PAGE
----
"Where's Petrouchka?" she asked, picking fumitory burrs from the legs of her tights.
"Making herself scarce with Auberjonois... not that a dead Russian cupcake's going to make Kala'amātya roll the acid barrels back into the garage." William mused. She sat down on the trunk of a fallen pear amid the long grass.
"I feel like I'm waiting to be run over by a train."
"Avai'sahdi, please don't say that. I know I didn’t see Rana coming, and I punch myself in the head for that daily, but I've got my shitstorm goggles on now."
"I'd almost forgotten about her." The grass decanted its tissue-weight seeds into her lap as she plucked the stems and wound them into a wreath. "Did she not go mad at you for Gideon?” He shrugged.
“No competitive vagina. And like you said... crazy, not stupid.” Confident he had secured the lath amid the branches of an apricot, he began to blow the bees from his hands.
"Where did you find him?"
"Auberjonois? Acre... three in the morning, top of the north wall during a siege. I was climbing in, he was bugging out. He looked at me, fixed his hair and said... tu m'impressionnes."
She shook her head again.
“God, how easy are you?”
“I think we both know."
"How long were you with him?"
William reckoned briefly.
"A long time when I think about it... he kicked me out eventually, but we've been cool... except when he's being a gros con d... a macho cockhead. I rode with his crew right up til the Crimea.”
Susan allowed his voice to lead her from her more troubling idée fixe.
"I don't think you were born a troublemaker." she said quietly, frowning up at him. "Why did you have to be doing that all the time?"
"It paid, poupée."
"Could you not have opened a fruit stall or something?"
"The crusades were like an ATM jizzing hundred dollar bills onto the footpath... all the alujha cartels were into it, running crews down to Palestine and Granada, up to the Baltic... the first few were fucking disasters, no logistics, no nothing, but after that they started bringing in mercenaries to do passagium particulaire. The cartels would finance your trip and take half of whatever you ripped off, so it behoved you to be first through whichever door was getting kicked down. It wasn't political or anything, and I am sorry if I accidentally, er... slaughtered your ancestors for financial gain... but it was just ce qui se fait... everyone was doing it." He lit a cigarette and blew the smoke onto the bees. "Ed came in sometimes, but he drinks alone and hates splitting the take, so he was always a per diem bitch. We wintered in Alexandria, or Shiraz... I love Shiraz... hit Outrémer in March, then on to Florence for May Eve with enough money to party for the rest of the year. C'est super... ça déchire."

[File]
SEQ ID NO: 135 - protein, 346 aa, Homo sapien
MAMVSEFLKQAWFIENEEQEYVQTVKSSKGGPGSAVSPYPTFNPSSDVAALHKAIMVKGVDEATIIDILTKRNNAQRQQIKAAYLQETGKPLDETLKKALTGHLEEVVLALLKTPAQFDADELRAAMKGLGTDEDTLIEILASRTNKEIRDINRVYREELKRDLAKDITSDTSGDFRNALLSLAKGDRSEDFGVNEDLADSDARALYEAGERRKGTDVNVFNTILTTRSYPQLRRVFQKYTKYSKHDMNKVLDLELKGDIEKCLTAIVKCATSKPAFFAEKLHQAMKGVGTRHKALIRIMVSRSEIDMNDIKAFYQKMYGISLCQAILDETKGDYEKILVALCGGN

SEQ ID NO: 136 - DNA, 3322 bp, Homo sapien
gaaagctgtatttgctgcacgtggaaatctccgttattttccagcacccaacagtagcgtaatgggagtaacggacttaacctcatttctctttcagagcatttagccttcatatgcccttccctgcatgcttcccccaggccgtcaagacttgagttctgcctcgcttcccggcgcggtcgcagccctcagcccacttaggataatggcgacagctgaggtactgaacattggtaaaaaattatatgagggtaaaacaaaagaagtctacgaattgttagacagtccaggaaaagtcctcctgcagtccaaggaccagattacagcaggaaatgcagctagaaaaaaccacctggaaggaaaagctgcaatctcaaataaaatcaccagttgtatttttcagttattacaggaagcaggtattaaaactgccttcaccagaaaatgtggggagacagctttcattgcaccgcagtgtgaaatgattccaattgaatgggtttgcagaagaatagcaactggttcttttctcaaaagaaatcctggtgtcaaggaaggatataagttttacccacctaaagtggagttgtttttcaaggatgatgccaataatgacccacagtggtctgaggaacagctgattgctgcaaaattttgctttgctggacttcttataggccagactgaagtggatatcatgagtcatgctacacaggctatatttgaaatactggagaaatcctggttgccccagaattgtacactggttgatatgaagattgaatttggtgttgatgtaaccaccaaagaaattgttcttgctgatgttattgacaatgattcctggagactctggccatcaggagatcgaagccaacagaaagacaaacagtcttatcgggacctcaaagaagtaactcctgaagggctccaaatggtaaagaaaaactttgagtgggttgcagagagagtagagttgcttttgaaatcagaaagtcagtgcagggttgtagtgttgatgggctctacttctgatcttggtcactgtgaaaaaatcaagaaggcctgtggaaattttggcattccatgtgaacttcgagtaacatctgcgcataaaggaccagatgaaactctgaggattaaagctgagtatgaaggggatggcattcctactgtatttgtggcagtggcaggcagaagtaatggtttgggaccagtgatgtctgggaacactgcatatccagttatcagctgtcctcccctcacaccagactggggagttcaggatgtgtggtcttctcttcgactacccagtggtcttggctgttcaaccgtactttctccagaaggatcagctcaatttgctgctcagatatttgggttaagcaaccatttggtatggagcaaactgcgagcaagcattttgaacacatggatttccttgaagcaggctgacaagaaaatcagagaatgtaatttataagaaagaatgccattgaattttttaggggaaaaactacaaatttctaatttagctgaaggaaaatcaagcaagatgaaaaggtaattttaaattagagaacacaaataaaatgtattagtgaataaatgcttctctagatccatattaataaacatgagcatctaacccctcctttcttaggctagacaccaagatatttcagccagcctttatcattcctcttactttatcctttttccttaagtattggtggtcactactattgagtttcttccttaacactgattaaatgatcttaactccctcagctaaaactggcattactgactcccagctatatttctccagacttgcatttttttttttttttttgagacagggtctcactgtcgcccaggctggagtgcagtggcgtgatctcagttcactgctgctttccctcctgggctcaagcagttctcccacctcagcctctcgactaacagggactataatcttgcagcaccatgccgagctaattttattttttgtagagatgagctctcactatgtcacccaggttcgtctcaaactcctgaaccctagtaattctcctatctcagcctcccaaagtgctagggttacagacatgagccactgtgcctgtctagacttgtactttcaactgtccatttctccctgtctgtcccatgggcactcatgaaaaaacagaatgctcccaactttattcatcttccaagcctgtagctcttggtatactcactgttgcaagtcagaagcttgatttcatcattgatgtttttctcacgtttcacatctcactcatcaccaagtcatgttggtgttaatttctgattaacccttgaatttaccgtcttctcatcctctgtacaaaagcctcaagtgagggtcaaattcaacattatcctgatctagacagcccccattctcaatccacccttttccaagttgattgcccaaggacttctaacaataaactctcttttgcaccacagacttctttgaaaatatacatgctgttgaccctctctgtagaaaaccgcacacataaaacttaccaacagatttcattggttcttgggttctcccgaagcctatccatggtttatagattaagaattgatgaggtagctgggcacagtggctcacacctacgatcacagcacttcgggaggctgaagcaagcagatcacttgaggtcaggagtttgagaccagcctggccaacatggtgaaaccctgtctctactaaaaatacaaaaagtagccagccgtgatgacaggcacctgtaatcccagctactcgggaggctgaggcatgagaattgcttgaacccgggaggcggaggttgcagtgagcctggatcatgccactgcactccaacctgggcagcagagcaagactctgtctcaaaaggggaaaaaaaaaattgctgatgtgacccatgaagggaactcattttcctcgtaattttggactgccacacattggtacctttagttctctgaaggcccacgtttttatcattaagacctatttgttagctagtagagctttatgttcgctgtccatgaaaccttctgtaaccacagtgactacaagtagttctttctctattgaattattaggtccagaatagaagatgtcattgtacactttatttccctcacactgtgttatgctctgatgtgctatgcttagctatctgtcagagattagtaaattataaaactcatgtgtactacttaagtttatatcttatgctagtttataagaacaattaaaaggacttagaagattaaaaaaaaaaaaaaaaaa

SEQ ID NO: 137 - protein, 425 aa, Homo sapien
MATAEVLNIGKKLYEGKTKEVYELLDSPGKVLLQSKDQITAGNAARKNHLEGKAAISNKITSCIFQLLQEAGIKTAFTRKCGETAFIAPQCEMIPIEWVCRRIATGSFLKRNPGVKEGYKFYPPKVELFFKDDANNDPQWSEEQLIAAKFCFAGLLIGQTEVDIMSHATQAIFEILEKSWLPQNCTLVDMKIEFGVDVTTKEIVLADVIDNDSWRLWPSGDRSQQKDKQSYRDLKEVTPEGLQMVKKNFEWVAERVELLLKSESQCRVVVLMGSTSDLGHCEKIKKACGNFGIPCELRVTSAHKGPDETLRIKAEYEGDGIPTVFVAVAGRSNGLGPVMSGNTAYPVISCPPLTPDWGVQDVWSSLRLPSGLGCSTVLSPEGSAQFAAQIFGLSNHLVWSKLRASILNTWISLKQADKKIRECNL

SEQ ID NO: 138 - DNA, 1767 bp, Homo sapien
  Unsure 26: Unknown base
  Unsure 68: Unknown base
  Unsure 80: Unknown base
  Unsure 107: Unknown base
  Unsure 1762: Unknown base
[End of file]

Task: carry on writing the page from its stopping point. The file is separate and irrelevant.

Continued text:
“People are still blowing each other up over that.”
“You and your neocolonialistic propaganda.”
“You don’t know what neocolonialism is... it's not the right word anyway. If all that was so amazing, why aren’t you doing it now?”
“Because of that fucking horrible time where everyone started using artillery but hadn’t stopped using horses." William closed his eyes. "I love horses.” he admitted. “Auberjonois fell out with the Catalans anyway... some alujha shit... they're always chewing one another. He bought a place in Gévaudan and started a home for difficult, furry young men. Back in the day when you started hearing the woods... hahdri á ijhun... you found a cartel, they jumped you in and you served for your keep. Now all they do is kick the shit out of each other, and they’re all in the pocket of that fucking bloodsack in Prague anyway." For a moment she suspected that he was distracted by sound and watched him intently, but he continued. “Gideon hung up his spurs and started ripping off high-end antiquities, selling it on, distribution. You probably weren’t even born, but there was this thing where some French archaeologists found a temple in Laos... really early Buddhist stuff, just before the war. As soon as they packed up, Auberjonois went in with a team and yoinked the whole fucking building out from behind the facade. It paid out so hard they could afford my brother for six months, to keep the American black op arseholes off their backs. If the local juntas had walked into them, it would have been bamboo slivers for everyone. That's balls of steel."
"You could do what he does." Susan contended, without looking up from the grass.
“Five fingers good, six fingers bad... he can put on a suit and eat canapés and not freak people out of a deal twenty five days a month. I’m always the big spooky gook who couldn’t look corporate if he wore a fucking suit made out of CEOs. That, and I can’t fucking work with vampyres. If you’re fencing their old shit, you need to be able to ignore a lot of holocaust jokes and sobbing from wall cavities.”
"There's something about him that's strange... that makes me feel... odd."
“C’est le loup. You might be talking to Auberjonois, but you’re never just talking to Auberjonois.” He reached up and slid his hand carefully into the busy, crawling swarm, withdrawing it with equal circumspection to reveal an errant queen, darkly blonde and smoky black, her slender length resting on the back of his palm. "La Reine." he smiled, watching her lean over her knees and study the miniature sovereign for herself, enjoying the moment of pleasure it granted her before replacing the pristine principal amongst her amazonian retainers, murmuring a slow chant to settle them around her.